Now, the dilemma at North Cascades probably doesn't match up, on its face, to the one Yellowstone faces with snowmobile access or Cape Hatteras National Seashore does with off-road-vehicle restrictions imposed due to nesting piping plovers and sea turtles.
But ask any Northwest angler what they think of the prospect of finding barren lakes in North Cascades and they start talking conspiracy theories. While the park's preferred alternative in its long-range "Mountain Lakes Fisheries Management Plan" calls for continued stocking of trout in as many as 42 lakes, Superintendent Chip Jenkins says only Congress, not the Park Service, has the authority to permit that stocking.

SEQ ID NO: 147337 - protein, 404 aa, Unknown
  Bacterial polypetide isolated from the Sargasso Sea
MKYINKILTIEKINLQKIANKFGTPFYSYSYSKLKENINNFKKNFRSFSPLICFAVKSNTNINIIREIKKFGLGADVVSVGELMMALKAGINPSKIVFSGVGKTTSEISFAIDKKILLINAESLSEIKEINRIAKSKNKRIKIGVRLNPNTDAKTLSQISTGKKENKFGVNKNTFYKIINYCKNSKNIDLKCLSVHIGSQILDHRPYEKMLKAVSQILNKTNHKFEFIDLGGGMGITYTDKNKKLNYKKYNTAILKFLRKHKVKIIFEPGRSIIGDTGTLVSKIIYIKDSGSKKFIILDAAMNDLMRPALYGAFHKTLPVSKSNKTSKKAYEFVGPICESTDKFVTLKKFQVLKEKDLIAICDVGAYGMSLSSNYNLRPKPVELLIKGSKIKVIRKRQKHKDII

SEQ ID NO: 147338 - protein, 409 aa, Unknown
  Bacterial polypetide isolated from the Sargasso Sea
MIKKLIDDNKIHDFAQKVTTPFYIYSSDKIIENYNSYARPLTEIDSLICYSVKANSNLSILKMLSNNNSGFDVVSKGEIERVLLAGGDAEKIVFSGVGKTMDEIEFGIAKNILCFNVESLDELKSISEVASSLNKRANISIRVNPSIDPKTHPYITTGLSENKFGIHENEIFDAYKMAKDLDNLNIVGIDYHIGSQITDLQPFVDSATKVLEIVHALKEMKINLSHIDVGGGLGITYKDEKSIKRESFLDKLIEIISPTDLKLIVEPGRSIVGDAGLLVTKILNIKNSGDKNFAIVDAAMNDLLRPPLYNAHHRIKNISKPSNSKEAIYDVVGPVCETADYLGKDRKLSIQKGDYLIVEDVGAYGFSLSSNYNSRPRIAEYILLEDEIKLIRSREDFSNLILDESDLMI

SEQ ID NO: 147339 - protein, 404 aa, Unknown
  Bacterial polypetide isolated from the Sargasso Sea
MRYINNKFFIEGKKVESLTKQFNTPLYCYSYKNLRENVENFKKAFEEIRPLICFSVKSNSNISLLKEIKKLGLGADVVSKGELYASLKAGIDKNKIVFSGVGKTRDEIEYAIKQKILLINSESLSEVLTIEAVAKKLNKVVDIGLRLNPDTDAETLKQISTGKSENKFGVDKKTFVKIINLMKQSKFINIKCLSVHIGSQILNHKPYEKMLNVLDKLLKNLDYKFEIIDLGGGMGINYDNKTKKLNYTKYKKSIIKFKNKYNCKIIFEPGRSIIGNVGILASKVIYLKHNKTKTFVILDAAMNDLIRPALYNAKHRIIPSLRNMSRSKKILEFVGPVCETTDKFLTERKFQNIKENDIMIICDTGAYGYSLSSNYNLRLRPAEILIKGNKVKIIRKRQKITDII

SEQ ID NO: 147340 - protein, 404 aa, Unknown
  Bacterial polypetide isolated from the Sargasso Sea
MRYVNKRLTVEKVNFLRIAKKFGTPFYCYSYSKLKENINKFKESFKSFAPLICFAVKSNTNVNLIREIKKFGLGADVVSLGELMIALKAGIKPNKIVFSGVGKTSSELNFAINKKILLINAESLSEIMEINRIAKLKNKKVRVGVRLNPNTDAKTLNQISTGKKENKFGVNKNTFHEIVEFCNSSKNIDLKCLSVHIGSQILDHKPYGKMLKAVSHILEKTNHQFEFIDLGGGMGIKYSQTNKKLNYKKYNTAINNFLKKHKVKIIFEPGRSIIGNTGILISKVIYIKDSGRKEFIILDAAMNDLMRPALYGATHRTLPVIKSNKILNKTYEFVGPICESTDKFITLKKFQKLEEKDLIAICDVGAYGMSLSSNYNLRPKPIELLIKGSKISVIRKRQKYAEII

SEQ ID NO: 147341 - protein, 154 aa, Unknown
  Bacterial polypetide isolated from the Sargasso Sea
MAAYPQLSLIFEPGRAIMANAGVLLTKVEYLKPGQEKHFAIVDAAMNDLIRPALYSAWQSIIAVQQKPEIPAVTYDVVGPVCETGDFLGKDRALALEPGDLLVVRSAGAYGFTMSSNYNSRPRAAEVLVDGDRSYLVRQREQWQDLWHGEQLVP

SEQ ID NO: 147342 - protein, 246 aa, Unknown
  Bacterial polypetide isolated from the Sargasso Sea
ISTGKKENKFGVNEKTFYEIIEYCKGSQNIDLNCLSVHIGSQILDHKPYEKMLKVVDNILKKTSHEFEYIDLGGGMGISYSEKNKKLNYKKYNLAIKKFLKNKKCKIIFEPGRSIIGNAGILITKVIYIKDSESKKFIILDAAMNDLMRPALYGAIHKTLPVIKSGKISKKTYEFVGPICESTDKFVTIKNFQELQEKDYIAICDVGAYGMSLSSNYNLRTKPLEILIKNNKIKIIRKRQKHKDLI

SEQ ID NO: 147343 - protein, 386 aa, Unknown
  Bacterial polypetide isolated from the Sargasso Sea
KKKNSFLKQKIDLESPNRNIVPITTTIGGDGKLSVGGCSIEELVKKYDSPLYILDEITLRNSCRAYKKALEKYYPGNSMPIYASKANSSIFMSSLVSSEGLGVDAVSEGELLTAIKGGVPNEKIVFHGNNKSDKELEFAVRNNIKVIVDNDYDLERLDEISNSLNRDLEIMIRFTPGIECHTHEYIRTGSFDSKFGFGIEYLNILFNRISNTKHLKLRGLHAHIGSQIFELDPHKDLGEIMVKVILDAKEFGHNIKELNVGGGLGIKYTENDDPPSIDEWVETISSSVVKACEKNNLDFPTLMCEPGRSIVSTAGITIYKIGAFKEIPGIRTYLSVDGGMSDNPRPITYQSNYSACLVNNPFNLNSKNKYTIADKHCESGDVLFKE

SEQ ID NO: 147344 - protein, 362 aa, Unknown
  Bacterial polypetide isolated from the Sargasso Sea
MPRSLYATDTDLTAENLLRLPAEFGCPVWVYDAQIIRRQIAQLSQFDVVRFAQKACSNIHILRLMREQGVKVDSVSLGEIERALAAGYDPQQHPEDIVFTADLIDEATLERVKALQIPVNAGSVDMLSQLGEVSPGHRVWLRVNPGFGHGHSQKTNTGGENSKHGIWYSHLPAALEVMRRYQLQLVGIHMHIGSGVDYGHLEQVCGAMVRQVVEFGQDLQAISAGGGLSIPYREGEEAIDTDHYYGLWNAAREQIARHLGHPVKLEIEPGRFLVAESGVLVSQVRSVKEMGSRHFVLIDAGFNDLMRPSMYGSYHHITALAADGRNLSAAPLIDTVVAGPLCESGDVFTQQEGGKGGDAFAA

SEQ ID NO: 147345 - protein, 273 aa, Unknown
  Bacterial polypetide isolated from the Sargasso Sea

That type of talk doesn't set well with some anglers.
"All the fish in these lakes were put there by man, and that is anathema to many in the Park Service," Sandy McKean of Seattle told the Seattle Post-Intelligencer's Greg Johnston. "I think the Park Service is clearly moving the responsibility for this from themselves to Congress. We don't see a need for congressional approval. But we are more than willing to work to accomplish that."
You can read the rest of this fish story here.